5. 5. © 2009, Forrester Research, Inc. Reproduction ProhibitedMay 8, 2009 | Updated: August 4, 2009 How Secure Is Your Cloud? For Security & Risk Management Professionals 4 · Legal and contractual issues. Liability and intellectual property are just a few of the legal issues that you must consider. Liability is not always clear-cut when it comes to cloud services. The same goes for intellectual property (IP). For some services, the IP issue is well understood — the cloud provider owns the infrastructure and the applications, while the user owns her data and computational results. In other cases, the division is not quite so clear. In software mashups, or software components-as-a-service, it can be difficult to delineate who owns what and what rights the customer has over the provider. It is therefore imperative that liability and IP issues are settled before the service commences. Other contractual issues include end-of-service support —when the provider-customer relationship ends, customer data and applications should be packaged and delivered to the customer, and any remaining copies of customer data should be erased from the provider’s infrastructure. Figure 1 Cloud Computing Issues Checklist Source: Forrester Research, Inc.45778 Area Topics Security and privacy Compliance Other legal and contractual issues Data segregation and protection Vulnerability management Identity management Physical and personnel security Data leak prevention Availability Application security Incident response Privacy Business continuity and disaster recovery Logs and audit trail Specific requirements (e.g., PCI, HIPAA, EU privacy, Basel II, FFIEC) Liability Intellectual property End of service support Auditing agreement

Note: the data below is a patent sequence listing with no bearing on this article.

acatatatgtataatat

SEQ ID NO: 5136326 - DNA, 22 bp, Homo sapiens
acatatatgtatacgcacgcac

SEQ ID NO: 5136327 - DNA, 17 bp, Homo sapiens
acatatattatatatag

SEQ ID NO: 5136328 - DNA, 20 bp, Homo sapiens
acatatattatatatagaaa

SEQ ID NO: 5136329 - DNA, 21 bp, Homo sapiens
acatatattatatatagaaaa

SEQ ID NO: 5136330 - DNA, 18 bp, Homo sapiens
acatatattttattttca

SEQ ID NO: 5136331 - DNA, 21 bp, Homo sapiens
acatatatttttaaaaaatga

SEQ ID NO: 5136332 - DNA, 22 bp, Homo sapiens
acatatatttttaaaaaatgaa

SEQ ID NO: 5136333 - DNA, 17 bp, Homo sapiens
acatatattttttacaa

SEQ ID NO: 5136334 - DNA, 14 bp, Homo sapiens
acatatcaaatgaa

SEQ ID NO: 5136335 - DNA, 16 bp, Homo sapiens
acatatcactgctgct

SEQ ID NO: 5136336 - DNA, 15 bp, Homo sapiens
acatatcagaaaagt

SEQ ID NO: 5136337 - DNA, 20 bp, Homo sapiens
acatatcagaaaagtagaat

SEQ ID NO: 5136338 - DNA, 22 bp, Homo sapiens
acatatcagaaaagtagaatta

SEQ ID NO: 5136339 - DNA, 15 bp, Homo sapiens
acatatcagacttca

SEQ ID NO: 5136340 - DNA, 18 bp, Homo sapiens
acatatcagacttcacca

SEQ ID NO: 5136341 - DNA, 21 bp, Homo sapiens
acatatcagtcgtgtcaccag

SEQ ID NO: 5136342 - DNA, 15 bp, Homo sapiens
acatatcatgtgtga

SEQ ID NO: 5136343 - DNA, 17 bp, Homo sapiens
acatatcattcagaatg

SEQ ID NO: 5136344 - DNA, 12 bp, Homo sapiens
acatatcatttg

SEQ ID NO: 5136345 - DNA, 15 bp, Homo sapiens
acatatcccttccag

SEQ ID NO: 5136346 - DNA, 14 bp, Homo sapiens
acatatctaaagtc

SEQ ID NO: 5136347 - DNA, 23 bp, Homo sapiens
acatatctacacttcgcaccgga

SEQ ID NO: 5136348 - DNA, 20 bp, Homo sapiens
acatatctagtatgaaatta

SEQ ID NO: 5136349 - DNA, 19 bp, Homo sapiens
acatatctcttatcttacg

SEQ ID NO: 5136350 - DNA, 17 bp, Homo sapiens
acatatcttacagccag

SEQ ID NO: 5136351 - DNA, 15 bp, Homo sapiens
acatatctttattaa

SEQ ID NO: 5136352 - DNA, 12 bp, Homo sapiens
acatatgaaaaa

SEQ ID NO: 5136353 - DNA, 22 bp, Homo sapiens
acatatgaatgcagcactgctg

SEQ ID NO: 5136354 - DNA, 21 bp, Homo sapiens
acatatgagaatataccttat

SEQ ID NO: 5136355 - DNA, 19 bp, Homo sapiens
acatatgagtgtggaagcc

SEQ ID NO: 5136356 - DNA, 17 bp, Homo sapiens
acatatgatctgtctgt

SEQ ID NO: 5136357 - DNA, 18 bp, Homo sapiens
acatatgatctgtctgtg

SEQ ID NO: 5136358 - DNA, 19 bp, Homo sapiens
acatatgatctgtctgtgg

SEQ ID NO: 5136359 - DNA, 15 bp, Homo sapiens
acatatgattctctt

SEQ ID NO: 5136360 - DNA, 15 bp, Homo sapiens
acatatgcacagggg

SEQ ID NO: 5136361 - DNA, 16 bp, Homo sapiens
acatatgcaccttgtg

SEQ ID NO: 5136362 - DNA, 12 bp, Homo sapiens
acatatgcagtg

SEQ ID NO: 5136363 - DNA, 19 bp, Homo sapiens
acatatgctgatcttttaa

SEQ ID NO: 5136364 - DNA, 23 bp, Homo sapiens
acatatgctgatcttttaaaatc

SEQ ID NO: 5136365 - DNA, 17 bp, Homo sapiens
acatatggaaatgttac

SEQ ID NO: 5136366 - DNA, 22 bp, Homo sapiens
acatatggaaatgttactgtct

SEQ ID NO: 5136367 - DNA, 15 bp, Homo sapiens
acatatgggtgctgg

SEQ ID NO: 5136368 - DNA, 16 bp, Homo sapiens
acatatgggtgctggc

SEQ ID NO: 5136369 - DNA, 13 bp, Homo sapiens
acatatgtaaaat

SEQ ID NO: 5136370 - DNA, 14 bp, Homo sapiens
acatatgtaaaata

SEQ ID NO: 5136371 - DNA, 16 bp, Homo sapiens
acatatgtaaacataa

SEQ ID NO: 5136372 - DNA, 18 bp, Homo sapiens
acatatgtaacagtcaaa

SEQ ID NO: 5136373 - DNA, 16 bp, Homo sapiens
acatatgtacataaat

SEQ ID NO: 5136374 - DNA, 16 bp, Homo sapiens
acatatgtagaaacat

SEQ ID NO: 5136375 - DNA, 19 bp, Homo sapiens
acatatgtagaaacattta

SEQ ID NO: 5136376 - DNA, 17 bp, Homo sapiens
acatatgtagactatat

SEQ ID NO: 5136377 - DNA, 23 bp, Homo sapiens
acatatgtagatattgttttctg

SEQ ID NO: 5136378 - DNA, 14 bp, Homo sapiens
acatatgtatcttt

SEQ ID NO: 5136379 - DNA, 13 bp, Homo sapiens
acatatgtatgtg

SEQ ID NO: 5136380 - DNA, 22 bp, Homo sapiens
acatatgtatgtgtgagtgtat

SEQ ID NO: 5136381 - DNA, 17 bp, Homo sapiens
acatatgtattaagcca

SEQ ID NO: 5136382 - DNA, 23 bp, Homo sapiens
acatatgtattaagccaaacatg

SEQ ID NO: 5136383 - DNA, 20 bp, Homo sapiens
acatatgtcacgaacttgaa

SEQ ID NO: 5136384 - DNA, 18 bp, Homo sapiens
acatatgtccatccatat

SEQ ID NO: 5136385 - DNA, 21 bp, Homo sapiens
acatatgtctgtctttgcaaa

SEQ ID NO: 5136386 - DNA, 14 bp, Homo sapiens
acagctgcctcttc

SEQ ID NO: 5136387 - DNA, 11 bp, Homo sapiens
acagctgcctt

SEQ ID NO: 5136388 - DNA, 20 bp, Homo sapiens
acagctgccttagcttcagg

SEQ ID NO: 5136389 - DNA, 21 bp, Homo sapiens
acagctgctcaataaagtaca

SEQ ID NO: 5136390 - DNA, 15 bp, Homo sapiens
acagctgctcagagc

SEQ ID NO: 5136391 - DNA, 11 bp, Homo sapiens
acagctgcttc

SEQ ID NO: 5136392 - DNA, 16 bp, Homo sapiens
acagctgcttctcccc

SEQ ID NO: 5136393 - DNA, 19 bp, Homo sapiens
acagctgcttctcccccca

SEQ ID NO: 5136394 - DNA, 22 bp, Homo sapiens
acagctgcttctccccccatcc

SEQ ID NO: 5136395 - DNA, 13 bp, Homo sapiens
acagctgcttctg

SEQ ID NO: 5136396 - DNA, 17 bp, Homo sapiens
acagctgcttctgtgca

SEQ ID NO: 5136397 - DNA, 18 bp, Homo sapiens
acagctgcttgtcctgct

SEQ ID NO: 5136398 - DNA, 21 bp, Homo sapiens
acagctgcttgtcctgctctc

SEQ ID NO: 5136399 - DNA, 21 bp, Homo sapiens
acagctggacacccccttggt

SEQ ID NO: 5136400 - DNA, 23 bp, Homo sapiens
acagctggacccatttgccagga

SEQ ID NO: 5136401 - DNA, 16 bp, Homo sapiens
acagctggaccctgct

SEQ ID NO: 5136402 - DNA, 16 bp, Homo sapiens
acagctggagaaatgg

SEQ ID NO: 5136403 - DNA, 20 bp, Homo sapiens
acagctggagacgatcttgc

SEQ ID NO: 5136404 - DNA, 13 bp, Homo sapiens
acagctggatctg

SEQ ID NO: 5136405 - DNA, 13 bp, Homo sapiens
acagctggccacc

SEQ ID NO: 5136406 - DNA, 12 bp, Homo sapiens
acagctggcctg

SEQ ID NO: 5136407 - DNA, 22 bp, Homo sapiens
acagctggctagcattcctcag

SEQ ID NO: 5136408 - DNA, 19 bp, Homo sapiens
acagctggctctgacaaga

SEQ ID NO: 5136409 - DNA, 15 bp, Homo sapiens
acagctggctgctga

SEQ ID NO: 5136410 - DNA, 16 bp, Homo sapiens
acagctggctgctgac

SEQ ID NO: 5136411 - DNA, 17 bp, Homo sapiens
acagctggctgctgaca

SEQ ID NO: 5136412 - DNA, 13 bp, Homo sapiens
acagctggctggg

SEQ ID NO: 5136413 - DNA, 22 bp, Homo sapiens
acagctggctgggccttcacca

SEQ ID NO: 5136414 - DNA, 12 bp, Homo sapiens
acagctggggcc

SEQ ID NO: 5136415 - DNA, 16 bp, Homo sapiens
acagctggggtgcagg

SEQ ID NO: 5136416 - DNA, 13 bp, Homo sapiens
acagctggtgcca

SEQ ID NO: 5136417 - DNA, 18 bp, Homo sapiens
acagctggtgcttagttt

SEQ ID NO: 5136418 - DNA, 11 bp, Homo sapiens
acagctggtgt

6. 6. © 2009, Forrester Research, Inc. Reproduction Prohibited May 8, 2009 | Updated: August 4, 2009 How Secure Is Your Cloud? For Security & Risk Management Professionals 5 Handling cloud security concerns Google’s recent security bug, which led to a population of Google doc users inadvertently sharing their docs with a wider audience than they intended, is but one example of security flaws that could happen with cloud services.6 In 2007, one of salesforce.com’s employees fell victim to a phishing attack, which led to the leak of a salesforce.com customer list. This in turn resulted in another wave of phishing attacks targeting these customers.7 Similarly, payroll SaaS provider Automatic Data Processing (ADP) has also been the victim of phishing attacks. Steve Whitlock from the Jericho Forum said: “Like many others, we see huge potential and benefits for moving into ‘the cloud,’ but we see risks, security issues, and interoperability issues. The community has much work to do to make the cloud a safe place to collaborate.” Security And Privacy Securing your applications or data when they live in a cloud provider’s infrastructure is a complicated issue because you lack visibility and control over how things are being done inside someone else’s network. However, the security concerns that you would have if things were operating on-premise, such as securing infrastructure, applications, and data, should also apply for the cloud services. Because you don’t have the same level of control or access to recourse actions when things go wrong, you need to take extra care in evaluating the vendors’ security and privacy practices. For security and privacy, companies must consider these aspects: data protection, identity management, vulnerability management, physical and personnel security, application security, incident response, and privacy measures. Take data protection, for example: You should engage in these evaluation activities with your vendor: 1) review the vendor’s data protection techniques for both data at rest and data in motion and ensure the strength of cryptosystem (if any) is adequate for your requirements; 2) ensure that the provider has adequate documentation for auditors; 3) review the vendor’s authentication and access control procedure and ask if any third party (e.g., third-party service provider) may have access to the data or infrastructure and how; 4) review the vendor’s architecture to ensure proper data segregation; and 5) if data leak prevention (DLP) is a requirement, review the vendor’s DLP deployment to prevent against insider attacks (see Figure 2).